• Visor/Sunhat - for sun protection
TOILETRIES (Just the basics! No hair driers, hot irons, etc.)
• Toothbrush & Toothpaste
• Hair brush/Comb
• Sunscreen (SPF 30 or higher)
• Lip Protection
• Glasses/Contacts/Contact Solution - Bring extra pairs of glasses and contact lenses.
• Purell - A small bottle of anti-bacterial hand gel or anti-bacterial hand-wipes.
• Insect Repellent (non-aerosol)
• Pads/Tampons - Bring enough for the duration of the program.
PLEASE NOTE: Any toiletries that you would like to bring in your carry-on luggage need to be 3oz or less and need to be stored in a quart-sized clear plastic bag.
• Prescription Medications - Make sure to keep any medications or vitamins in their original containers and bring enough for the entire duration of your program. Also, bring a paper copy of your prescription from your doctor in case you lose your medication. Travel with all essential medications in your carry-on luggage.
• Other Medicine - We will have a group first aid kit, but please bring the medication you normally use for minor ailments like body aches and upset stomachs.
• Book - Ideally about Argentina (we can swap around to minimize weight)
• Camera and Charger - You should bring an extra camera battery and memory card. Remember to pack your camera charger! You can also bring your Camera USB Cord - This will allow you to plug your camera into a computer to post pictures onto the group blog.
• Electrical Converter and Adapter
Electrical Converter - The electricity in Argentina is 220-240 volts, while the United States uses 110-120 volts. If you try to plug an American appliance into an outlet of a different voltage, you may destroy the appliance and cause yourself injury. Check your appliances (i.e. camera charger) to make sure they are dual voltage, which means they will work on 220-240 volts without a converter. If the symbol 110/220 is present on the device then it has dual voltage capabilities. If it does not, then you will need to purchase a converter to change the 220-240 volt electricity into 110-120 volt electricity in order to use your US device in Argentina.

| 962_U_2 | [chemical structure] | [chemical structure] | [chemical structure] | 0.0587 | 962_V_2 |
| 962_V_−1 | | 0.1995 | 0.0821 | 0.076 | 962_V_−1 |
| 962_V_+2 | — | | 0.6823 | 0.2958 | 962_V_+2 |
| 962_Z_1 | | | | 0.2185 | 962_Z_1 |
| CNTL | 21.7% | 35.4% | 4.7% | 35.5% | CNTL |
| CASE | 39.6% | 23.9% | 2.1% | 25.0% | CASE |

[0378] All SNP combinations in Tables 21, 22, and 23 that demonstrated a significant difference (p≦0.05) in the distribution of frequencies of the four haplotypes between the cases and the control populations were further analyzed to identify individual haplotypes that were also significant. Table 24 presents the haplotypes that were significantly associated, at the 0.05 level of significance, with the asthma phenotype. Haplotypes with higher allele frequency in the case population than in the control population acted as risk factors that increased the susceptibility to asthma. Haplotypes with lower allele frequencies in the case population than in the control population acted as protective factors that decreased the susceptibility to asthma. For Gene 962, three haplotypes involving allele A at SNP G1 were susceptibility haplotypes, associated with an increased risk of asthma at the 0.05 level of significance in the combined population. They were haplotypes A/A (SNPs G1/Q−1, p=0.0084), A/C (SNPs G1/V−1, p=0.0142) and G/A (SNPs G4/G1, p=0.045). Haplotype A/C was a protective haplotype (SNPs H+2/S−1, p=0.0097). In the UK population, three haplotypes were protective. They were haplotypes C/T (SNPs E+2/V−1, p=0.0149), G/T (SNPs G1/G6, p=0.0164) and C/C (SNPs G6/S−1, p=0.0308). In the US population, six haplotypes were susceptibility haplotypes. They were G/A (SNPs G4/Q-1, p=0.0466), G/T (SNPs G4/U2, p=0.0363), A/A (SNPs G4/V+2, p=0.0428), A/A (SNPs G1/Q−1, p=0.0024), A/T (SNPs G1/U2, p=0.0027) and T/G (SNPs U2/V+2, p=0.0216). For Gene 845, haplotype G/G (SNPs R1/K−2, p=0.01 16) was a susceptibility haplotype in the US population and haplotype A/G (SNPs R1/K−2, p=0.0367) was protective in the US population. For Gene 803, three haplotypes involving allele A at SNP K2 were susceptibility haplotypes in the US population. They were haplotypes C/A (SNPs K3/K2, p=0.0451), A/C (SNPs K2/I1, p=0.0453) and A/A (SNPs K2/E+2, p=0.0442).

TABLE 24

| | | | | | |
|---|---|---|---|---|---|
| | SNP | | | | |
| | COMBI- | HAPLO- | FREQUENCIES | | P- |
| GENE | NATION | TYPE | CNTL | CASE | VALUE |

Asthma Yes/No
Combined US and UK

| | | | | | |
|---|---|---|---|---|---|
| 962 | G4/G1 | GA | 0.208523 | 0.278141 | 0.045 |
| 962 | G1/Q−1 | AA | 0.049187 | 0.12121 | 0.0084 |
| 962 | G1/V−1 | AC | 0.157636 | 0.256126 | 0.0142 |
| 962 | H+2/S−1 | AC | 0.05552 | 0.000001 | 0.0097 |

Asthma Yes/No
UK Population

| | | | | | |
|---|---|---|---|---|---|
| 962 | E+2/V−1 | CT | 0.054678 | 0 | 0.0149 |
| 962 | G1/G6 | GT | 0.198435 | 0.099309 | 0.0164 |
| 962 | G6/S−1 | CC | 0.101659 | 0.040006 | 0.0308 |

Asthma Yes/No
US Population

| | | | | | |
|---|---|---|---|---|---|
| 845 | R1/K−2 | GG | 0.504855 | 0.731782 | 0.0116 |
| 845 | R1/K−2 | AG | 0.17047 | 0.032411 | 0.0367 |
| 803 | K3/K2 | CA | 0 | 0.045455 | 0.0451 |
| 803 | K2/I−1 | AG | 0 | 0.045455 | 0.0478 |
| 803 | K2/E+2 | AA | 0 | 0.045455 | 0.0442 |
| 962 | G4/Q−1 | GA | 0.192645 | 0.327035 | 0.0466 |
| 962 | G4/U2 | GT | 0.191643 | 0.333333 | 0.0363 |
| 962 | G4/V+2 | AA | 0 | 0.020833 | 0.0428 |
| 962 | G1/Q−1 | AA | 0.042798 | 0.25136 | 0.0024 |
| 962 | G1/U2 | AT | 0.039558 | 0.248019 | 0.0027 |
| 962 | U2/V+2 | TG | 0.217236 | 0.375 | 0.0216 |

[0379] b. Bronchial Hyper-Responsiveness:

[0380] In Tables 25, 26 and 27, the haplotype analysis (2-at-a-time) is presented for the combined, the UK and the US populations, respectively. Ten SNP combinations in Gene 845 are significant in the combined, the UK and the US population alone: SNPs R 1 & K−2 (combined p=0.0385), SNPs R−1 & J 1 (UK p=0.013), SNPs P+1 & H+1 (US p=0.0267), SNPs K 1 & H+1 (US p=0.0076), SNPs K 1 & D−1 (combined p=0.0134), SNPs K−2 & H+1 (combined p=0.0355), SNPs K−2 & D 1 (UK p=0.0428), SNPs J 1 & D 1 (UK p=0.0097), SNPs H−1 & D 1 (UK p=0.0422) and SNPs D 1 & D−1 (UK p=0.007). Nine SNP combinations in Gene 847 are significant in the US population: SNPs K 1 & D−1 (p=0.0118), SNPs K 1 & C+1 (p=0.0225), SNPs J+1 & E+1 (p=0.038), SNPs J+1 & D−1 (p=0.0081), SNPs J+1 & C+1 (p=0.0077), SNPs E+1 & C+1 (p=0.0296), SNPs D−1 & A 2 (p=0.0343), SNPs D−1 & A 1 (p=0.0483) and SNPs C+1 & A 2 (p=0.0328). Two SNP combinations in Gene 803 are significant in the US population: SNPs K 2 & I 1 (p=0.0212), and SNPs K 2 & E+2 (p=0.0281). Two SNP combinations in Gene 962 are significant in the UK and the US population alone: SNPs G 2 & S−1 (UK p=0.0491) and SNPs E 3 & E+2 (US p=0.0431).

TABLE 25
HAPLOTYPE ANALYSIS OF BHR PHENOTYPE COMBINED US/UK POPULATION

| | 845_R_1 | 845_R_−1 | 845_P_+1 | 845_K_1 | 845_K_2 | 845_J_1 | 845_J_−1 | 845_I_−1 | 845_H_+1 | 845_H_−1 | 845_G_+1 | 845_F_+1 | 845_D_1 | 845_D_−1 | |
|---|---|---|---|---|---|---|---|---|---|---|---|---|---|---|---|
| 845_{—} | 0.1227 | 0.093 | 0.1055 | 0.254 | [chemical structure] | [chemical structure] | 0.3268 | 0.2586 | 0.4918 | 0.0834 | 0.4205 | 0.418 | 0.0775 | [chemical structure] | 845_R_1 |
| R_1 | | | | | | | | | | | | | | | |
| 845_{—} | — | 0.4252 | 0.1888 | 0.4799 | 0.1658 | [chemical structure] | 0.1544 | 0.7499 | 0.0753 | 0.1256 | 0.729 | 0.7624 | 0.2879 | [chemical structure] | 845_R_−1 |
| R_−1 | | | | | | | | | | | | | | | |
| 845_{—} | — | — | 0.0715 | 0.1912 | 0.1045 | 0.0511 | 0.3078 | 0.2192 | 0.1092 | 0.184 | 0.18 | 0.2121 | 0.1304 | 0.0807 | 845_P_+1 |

Electrical Adapter -Outlet types vary in Argentina and are not the same as those found in the US. You may wish to bring a universal converter/adapter to be sure your device will work during your travels.
• Bandana - These can serve multiple useful functions while traveling.
• Duct Tape - Wrap some around your water bottle and take it off when you need it. Comes in handy in surprising ways.
• Playing Cards - Just for fun!
• Small Extra Duffel Bag - While you will want to be able to fit all of your things in a backpack and daypack, an extra duffel bag can be handy for the trip back to the U.S (for any new purchases). This bag should be nylon and durable.
• Swiss Army Knife - Pack this in your checked luggage, not in your carry-on bag.
• Stuff Sacks - Lightweight and compact sacks bring order to your packing as they allow you to separate your belongings (i.e. clothes, food, toiletries). You can get away with Ziplocs.
PLEASE LEAVE CELL PHONES AND LAPTOPS AT HOME: As Global LAB's programs emphasize cultural immersion, possession of personal cell phones or smart phones (e.g. iPhones) is strongly discouraged. Personal cell/smart phones are conducive to distraction, detraction, and divisiveness: they distract from the cultural immersion experience by a perpetual connectivity to friends/family back home; they detract from appreciating the immediacy of the moment and hinder understanding/interaction with local cultures; and they can create divisiveness between students who possess them and those who do not, negatively affecting group dynamics. In addition, near-constant contact with family/friends often has the unintended consequence of stirring significant home-sickness.
Students will be able to make calls from phone shops using their spending money and can access the Internet from Internet cafes where the computers are provided.
Global LAB's Program Leaders and Local Coordinators carry cell phones with them 24/7, so the group can, if necessary, be in touch with the USA at any time in the event of an emergency.
A NOTE ABOUT WATER: A water filter and/or purification devices/tablets are not needed. Tap water in Argentina is considered safe to drink and purified water is also widely available.
ONE LAST THING TO PACK: There's one more crucial element that you need to bring aside from what's on the packing list: AN OPEN MIND. You will take part in new and different experiences every step of the way, many of which may take you outside of your comfort zone. Having an open mind is essential to making this experience all that it can be for yourself and the group as a whole.